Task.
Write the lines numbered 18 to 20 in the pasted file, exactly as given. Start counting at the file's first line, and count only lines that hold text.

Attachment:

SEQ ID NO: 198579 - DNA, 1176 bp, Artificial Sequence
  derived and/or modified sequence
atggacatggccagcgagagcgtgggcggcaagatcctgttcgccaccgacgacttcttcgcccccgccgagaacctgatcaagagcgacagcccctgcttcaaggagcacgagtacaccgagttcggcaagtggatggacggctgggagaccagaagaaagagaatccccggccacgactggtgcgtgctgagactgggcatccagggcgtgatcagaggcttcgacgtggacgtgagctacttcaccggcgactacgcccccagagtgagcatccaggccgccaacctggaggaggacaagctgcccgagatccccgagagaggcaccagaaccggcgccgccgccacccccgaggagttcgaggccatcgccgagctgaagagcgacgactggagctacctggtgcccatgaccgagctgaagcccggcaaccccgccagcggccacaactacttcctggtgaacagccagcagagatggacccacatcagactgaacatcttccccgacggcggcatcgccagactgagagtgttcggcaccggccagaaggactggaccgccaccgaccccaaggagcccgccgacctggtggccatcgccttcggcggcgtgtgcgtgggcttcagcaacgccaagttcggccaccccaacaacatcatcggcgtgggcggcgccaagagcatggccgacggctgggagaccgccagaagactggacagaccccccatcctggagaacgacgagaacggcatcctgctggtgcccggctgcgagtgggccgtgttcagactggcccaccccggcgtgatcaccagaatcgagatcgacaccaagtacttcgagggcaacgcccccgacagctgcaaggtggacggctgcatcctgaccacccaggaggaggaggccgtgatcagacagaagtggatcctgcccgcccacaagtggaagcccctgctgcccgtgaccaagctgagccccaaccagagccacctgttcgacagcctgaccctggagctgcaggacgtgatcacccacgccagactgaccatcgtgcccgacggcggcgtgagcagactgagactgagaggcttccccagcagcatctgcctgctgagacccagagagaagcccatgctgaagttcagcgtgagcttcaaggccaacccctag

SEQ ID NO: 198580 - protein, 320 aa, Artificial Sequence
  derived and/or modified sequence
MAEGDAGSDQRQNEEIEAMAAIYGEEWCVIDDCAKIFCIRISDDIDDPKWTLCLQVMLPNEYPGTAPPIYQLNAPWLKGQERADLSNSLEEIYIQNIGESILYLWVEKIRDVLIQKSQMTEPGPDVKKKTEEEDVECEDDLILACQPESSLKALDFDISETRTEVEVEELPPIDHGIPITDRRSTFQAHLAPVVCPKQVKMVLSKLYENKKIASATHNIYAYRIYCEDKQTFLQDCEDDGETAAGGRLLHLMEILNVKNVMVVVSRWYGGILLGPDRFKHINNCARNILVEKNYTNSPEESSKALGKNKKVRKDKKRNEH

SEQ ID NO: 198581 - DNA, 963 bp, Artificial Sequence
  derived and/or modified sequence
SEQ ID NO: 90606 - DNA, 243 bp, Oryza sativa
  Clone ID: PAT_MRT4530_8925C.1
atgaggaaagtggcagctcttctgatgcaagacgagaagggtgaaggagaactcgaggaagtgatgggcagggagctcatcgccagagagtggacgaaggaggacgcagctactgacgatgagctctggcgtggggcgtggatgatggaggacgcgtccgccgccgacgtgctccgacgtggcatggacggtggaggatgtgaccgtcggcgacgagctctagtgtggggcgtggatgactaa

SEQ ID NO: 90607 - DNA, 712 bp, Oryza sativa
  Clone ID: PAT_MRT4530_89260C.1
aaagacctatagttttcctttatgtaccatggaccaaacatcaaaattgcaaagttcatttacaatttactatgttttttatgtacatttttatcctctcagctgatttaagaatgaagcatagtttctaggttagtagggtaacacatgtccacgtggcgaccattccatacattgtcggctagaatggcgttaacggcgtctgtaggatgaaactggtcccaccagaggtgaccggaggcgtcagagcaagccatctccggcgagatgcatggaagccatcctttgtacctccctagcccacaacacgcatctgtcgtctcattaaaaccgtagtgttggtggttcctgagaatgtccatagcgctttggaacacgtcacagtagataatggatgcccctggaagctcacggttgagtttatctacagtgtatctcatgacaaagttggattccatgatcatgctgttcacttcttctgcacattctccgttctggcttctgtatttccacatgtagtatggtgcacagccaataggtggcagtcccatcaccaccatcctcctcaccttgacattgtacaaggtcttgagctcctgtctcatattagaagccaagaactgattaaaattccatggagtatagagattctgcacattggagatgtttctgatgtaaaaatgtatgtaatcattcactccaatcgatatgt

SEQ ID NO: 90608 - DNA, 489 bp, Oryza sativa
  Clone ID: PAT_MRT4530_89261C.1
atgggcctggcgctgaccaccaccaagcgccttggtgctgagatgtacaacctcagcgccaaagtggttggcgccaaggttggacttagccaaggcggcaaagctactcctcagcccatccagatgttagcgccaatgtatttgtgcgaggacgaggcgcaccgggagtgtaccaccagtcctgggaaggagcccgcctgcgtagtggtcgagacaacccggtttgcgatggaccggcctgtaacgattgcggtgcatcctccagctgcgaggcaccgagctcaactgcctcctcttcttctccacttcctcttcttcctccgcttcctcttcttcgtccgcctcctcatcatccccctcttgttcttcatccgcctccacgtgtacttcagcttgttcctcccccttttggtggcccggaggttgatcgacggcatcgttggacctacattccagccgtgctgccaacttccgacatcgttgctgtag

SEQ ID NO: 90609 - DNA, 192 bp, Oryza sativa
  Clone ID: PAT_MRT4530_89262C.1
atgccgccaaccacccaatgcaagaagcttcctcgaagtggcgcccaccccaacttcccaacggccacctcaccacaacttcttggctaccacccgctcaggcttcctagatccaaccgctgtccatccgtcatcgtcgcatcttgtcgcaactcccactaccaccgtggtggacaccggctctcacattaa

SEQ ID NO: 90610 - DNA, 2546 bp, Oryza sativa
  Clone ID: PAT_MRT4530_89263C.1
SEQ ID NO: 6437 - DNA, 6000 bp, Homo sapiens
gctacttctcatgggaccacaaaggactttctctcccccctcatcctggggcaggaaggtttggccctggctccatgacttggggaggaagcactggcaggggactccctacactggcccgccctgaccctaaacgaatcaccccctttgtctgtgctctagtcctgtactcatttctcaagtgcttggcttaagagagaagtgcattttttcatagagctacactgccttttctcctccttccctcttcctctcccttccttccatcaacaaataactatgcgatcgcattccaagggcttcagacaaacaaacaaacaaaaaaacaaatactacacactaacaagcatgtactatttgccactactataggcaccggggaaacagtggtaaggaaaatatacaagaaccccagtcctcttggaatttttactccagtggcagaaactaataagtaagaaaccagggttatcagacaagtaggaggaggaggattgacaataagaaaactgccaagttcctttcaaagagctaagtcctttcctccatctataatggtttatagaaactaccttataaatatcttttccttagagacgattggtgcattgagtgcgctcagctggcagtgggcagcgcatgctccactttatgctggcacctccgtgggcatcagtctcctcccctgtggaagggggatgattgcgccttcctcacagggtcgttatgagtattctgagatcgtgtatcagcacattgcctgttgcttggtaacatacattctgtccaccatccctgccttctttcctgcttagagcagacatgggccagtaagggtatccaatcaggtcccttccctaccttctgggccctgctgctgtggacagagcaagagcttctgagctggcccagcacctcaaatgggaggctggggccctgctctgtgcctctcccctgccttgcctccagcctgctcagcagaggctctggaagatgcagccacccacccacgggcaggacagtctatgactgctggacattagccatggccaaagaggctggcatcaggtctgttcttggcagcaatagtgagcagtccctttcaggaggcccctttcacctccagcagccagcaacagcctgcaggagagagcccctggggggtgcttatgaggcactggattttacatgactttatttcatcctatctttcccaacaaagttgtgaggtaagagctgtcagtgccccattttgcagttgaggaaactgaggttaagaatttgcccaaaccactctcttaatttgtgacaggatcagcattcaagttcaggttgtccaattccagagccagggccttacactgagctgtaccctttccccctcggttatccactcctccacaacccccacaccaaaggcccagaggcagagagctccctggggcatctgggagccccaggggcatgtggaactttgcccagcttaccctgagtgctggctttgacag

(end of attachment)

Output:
SEQ ID NO: 90609 - DNA, 192 bp, Oryza sativa
  Clone ID: PAT_MRT4530_89262C.1
atgccgccaaccacccaatgcaagaagcttcctcgaagtggcgcccaccccaacttcccaacggccacctcaccacaacttcttggctaccacccgctcaggcttcctagatccaaccgctgtccatccgtcatcgtcgcatcttgtcgcaactcccactaccaccgtggtggacaccggctctcacattaa